Inter Club – 12 June 2019

Speaker Jacki Hill-Murphy MA, FRGS


Is an explorer, teacher, film maker and speaker and has spent the past few years exploring and filming some of the most inhospitable and remote places on earth. There are many reasons why she loves  being an explorer including gathering memorable experiences that last forever recorded on film and in writing, pushing herself to the limit and being loosed from her cultural moorings. Her first major expedition was in 1988 when she crossed Africa via the Sahara Desert and West Africa, she has since been to South America, Africa, India, the Caribbean, the Middle East and Russia and lived in Turkey and the United States. Jacki’s favourite quote is: “Off the beaten track is the real world” Isabella Bird.

She has journeyed to some of the more inhospitable territories on earth. She did this while sure-footedly retracing the steps of some of the most gutsy, fearless and awe-inspiring female pioneers that most of us have never heard of. The Englishwoman has adventure  tales to tell, and was the  keynote speaker at this year’s Immrama Festival of Travel Writing in Co Waterford’s Lismore.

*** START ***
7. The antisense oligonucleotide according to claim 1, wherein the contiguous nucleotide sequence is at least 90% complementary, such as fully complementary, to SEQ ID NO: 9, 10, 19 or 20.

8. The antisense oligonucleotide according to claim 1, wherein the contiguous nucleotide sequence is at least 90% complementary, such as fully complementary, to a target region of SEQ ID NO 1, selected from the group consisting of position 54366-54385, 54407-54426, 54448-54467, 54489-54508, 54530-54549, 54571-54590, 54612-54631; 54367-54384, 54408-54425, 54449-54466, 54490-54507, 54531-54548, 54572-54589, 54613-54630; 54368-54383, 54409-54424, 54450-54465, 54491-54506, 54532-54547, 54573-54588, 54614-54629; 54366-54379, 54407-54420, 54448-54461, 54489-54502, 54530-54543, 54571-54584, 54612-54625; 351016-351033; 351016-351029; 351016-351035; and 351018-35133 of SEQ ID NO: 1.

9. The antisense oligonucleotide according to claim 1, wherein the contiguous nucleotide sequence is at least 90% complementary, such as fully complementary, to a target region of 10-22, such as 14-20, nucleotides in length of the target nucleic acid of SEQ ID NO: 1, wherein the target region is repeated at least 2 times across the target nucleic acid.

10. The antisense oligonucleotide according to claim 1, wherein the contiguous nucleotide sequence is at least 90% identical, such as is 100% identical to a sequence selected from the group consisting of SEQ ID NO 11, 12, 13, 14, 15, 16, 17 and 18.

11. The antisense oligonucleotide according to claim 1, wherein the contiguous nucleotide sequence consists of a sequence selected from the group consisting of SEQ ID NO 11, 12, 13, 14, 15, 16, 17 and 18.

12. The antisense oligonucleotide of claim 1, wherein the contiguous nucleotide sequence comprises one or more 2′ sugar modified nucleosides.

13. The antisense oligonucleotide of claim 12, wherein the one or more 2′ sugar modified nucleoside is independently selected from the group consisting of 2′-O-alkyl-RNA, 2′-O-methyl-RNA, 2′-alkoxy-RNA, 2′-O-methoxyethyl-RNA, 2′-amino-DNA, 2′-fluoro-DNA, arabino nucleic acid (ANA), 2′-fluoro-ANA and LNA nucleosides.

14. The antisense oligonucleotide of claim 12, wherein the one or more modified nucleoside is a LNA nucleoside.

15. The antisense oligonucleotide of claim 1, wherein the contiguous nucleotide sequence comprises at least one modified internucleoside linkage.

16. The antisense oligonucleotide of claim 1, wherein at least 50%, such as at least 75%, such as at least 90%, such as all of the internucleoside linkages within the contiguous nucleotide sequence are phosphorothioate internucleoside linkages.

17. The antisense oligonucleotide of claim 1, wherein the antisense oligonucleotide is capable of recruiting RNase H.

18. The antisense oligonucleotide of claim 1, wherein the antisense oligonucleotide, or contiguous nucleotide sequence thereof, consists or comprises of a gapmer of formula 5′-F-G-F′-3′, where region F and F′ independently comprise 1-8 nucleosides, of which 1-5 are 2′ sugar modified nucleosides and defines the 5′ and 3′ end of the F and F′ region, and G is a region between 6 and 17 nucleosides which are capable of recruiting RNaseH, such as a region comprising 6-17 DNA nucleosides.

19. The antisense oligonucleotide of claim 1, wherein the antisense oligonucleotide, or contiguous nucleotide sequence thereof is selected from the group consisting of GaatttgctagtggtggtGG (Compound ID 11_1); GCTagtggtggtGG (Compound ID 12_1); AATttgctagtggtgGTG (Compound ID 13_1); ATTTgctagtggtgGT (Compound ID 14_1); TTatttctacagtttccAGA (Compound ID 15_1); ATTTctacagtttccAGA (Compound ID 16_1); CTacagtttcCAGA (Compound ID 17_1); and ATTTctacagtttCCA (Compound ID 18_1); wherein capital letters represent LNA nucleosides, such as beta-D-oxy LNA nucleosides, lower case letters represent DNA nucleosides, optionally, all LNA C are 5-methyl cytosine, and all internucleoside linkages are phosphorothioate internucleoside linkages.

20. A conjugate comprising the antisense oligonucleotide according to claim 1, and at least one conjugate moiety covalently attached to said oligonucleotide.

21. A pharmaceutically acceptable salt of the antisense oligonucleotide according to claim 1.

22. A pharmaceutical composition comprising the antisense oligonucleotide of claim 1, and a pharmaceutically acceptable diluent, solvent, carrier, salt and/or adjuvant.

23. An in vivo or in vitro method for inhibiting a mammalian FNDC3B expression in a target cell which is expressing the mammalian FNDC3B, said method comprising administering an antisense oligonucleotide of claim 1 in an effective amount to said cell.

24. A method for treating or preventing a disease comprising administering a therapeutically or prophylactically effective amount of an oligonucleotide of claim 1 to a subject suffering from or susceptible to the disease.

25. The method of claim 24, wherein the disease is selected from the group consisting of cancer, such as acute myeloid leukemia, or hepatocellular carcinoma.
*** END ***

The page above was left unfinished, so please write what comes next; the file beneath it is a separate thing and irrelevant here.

She’s no stranger to escapades: She climbed the Digar-La in India, just as the adventurer Isabella Bird did in the 1890s. She reached the 13,255ft summit of Mount Cameroon, just as ethnographer Mary Kingsley did around the same time.

She crossed Siberia, because that’s what missionary, voyager and nurse-friend of the leprosy community Kate Marsden did in Victorian times. She travelled the length of the Amazon River, often via dugout canoe with piranha swimming beneath. She did that because Isabel Godin did it in the 18th century, when she was the only survivor of a 4,800km expedition through the Amazon Basin. Of all of the female explorers whose footsteps she has retraced, Hill-Murphy feels closest to Mary Kingsley.

Admitting she sometimes feels Kingsley’s spirit around her, she says: “I think we’d get on well. Also, when I was 29, I lived around the corner from where she lived at that age, roughly 100 years earlier.”